Madam Speaker, it is a great pleasure to rise to speak to Bill C-231. I am so glad to see the bill has been brought forward, as it addresses the very important issue of how money in federally sponsored plans will be invested in the interest of all Canadians. I would like to acknowledge my colleague from Cowichan—Malahat—Langford and his staff for all their hard work in bringing the bill to the House.
The bill takes the investment approach of the Canada Pension Plan Investment Board, which is responsible for managing the funds that will be used to pay CPP beneficiaries well into the future. The management of this fund is critically important to the future well-being of Canadian workers and retirees, but the no-holds-barred investment mandate of the fund managers requires some real common-sense tweaking.
I first became aware of the potential problems with the board's management mandate in 2016 when a colleague of mine, a member from Victoria, sent me an email detailing severe human rights abuses at a mining site in Eritrea that was owned by a Canadian mining company. The email further detailed that the Canada Pension Plan Investment Board was a significant shareholder in the Canadian mining company and was at least indirectly tied to the abuse occurring at the Bisha mining site in Eritrea. My staff and I were shocked as we unearthed more information about the abuses. Military personnel were being employed to basically keep the mine workers in a state of slave labour, and this included arbitrary arrests and detentions and even killing workers who were not producing desired results. I seriously wondered how this was possible. How could the fund that Canadians pay into to secure their retirement be used to support such obvious and tragic human rights abuses?
As my staff and I continued to study the question, the answer started to become clear. The mandate of the Canadian Pension Plan Investment Board, with a huge fund of over $400 billion, 1,500 full-time employees and offices on three continents, was to make as much money as it possibly could through its investments, with very little holding it back. This is its mandate, as defined by the CPPIB Act:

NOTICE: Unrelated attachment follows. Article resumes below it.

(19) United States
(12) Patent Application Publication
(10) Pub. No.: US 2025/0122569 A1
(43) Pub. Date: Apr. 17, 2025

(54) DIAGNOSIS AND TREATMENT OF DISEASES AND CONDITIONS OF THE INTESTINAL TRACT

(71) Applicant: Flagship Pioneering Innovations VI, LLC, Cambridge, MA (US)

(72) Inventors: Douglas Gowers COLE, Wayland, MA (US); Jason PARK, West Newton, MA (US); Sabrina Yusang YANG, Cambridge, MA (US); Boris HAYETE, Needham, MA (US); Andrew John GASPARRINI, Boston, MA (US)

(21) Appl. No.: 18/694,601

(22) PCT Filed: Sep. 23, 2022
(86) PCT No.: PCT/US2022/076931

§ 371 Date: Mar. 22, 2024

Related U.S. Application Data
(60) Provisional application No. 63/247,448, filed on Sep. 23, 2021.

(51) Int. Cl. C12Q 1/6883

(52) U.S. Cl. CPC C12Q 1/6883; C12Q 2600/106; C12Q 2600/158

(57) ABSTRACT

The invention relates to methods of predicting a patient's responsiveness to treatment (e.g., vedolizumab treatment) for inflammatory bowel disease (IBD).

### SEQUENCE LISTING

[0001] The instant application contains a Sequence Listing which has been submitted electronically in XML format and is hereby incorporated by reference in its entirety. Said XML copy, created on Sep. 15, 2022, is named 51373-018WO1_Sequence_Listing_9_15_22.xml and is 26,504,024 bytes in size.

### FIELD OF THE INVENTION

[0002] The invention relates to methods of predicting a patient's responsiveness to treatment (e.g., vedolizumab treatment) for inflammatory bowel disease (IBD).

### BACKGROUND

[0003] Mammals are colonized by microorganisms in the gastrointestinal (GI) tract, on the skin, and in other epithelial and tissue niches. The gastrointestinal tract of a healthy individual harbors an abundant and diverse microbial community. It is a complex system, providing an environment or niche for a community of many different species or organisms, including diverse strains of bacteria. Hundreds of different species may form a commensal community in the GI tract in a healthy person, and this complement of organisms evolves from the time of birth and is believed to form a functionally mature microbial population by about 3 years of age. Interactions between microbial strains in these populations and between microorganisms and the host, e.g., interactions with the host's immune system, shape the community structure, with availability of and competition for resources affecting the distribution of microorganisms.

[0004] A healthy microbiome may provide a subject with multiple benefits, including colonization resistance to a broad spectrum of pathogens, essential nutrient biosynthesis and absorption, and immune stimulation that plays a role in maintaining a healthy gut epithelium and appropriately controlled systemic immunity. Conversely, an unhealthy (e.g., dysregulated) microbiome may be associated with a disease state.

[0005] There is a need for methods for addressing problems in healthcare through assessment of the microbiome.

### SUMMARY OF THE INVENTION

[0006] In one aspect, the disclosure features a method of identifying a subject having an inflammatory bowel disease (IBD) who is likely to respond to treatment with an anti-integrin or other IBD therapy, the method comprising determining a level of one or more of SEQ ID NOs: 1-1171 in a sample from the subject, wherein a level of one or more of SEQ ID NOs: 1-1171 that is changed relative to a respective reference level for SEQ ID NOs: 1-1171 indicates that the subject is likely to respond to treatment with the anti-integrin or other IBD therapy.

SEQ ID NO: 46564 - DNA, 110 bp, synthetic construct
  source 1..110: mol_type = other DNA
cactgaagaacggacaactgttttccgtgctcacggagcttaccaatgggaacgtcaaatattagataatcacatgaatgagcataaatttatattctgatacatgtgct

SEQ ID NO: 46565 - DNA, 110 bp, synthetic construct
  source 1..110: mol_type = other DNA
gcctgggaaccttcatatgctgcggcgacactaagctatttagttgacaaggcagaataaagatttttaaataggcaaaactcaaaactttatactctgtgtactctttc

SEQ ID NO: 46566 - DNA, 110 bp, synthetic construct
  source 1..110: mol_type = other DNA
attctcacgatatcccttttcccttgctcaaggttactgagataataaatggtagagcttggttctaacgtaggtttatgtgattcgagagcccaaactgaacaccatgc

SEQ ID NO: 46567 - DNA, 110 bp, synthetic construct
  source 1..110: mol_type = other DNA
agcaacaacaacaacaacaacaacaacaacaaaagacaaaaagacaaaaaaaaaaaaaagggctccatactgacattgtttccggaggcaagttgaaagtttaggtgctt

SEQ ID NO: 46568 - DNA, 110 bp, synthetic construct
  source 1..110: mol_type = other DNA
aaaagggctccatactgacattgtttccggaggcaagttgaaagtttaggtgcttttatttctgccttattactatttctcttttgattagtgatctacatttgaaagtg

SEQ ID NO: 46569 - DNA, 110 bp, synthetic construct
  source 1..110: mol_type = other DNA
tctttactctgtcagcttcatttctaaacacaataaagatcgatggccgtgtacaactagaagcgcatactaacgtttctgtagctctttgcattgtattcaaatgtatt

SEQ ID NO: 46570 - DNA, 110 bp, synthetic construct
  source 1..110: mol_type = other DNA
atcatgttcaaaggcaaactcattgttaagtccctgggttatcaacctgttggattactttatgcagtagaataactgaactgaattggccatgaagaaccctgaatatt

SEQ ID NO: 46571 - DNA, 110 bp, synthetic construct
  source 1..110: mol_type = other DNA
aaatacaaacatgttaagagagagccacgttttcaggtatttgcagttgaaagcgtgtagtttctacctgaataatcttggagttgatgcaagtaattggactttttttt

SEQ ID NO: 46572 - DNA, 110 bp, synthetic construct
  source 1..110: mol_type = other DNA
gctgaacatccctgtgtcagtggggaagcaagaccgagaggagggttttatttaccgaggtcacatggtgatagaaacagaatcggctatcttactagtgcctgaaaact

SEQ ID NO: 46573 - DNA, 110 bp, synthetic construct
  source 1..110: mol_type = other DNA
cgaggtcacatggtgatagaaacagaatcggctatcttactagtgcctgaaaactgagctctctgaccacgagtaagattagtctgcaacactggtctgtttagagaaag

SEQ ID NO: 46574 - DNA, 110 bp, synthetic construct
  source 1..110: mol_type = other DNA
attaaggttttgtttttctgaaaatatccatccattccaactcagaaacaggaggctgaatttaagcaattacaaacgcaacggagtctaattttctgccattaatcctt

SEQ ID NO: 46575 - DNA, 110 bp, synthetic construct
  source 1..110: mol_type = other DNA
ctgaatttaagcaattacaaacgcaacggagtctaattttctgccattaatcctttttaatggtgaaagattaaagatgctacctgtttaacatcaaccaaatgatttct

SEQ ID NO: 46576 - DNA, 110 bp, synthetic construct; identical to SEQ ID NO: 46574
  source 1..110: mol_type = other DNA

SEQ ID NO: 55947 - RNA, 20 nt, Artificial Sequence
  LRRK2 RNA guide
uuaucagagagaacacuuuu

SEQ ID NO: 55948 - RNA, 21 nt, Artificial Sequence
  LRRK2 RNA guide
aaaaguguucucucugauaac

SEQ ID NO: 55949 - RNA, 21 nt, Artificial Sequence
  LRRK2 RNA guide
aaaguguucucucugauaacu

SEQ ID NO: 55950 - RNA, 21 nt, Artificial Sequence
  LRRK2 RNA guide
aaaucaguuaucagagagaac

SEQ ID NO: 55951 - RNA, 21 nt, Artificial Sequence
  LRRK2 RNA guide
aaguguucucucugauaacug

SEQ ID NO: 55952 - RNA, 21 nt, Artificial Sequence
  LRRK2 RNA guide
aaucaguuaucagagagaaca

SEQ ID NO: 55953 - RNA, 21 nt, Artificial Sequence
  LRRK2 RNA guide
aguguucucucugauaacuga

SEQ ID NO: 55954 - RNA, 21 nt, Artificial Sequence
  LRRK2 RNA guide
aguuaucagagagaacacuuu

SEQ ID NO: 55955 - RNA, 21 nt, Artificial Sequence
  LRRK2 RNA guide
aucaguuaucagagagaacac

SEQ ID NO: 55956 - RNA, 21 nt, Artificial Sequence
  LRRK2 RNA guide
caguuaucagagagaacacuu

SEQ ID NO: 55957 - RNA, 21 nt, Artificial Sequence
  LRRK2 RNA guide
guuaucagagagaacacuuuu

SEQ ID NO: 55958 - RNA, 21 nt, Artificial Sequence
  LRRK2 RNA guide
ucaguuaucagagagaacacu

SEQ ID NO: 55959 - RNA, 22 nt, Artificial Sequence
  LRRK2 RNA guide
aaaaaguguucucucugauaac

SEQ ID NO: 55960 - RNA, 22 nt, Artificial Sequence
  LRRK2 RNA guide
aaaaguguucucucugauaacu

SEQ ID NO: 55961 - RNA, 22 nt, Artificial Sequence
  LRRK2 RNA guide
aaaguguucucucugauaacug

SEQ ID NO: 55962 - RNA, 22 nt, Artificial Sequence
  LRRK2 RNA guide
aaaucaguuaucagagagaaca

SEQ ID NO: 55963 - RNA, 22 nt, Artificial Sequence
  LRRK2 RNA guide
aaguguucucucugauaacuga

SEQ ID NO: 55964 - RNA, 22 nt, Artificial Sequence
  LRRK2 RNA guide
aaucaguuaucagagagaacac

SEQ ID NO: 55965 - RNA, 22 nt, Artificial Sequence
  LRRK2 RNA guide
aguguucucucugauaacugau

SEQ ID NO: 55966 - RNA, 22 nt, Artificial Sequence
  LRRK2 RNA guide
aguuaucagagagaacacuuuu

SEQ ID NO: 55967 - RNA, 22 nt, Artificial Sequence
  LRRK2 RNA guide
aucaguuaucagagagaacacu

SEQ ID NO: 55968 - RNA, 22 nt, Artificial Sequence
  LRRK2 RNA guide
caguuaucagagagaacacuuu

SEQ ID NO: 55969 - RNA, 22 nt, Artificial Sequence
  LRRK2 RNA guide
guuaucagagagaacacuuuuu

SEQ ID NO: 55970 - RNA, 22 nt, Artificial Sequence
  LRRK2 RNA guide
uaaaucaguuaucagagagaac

(c) to invest its assets with a view to achieving a maximum rate of return, without undue risk of loss, having regard to the factors that may affect the funding of the Canada Pension Plan and the ability of the Canada Pension Plan to meet its financial obligations on any given business day.
As members can see, the only limitation, to put it in plain English, is this: Do not lose any money.
We thought there must be some certainty, with all these restrictions, on how this board could invest the monies of hard-working Canadians. We continued through the act and researched the board's internal documentation, but we could find no restrictions at all. What we did find were guidelines, committees and policies, none of which were binding and none of which seemed to have much of an effect on the enormous number of investment decisions made by the board. More and more, the board's investment oversight seemed to be a function of its PR department rather than anything related to the operational and investment departments.
Shortly after receiving the email from my colleague, I attended a meeting at the parliamentary finance committee at which the representatives of the CPPIB, including its president, were scheduled to appear. I decided to take some of my own concerns and questions directly to them. I asked them if they were aware the mining company they had invested in to the tune of one and a half million shares was engaged in supplying labour to the Bisha mine under conditions that have been described as slave labour. I also asked if they could describe the measures and procedures they have in place to ensure that they avoid investing in companies linked to human rights violations.
I think the CPPIB representatives were caught off guard and unprepared for such a line of questioning. The answers I received were what we would expect from a company president or a company lawyer when they really do not have a good answer: empty and hollow allusions to guidelines and good intentions. However, I did get a promise that someone from the board would follow up and give me a more detailed answer in the days following the committee meeting.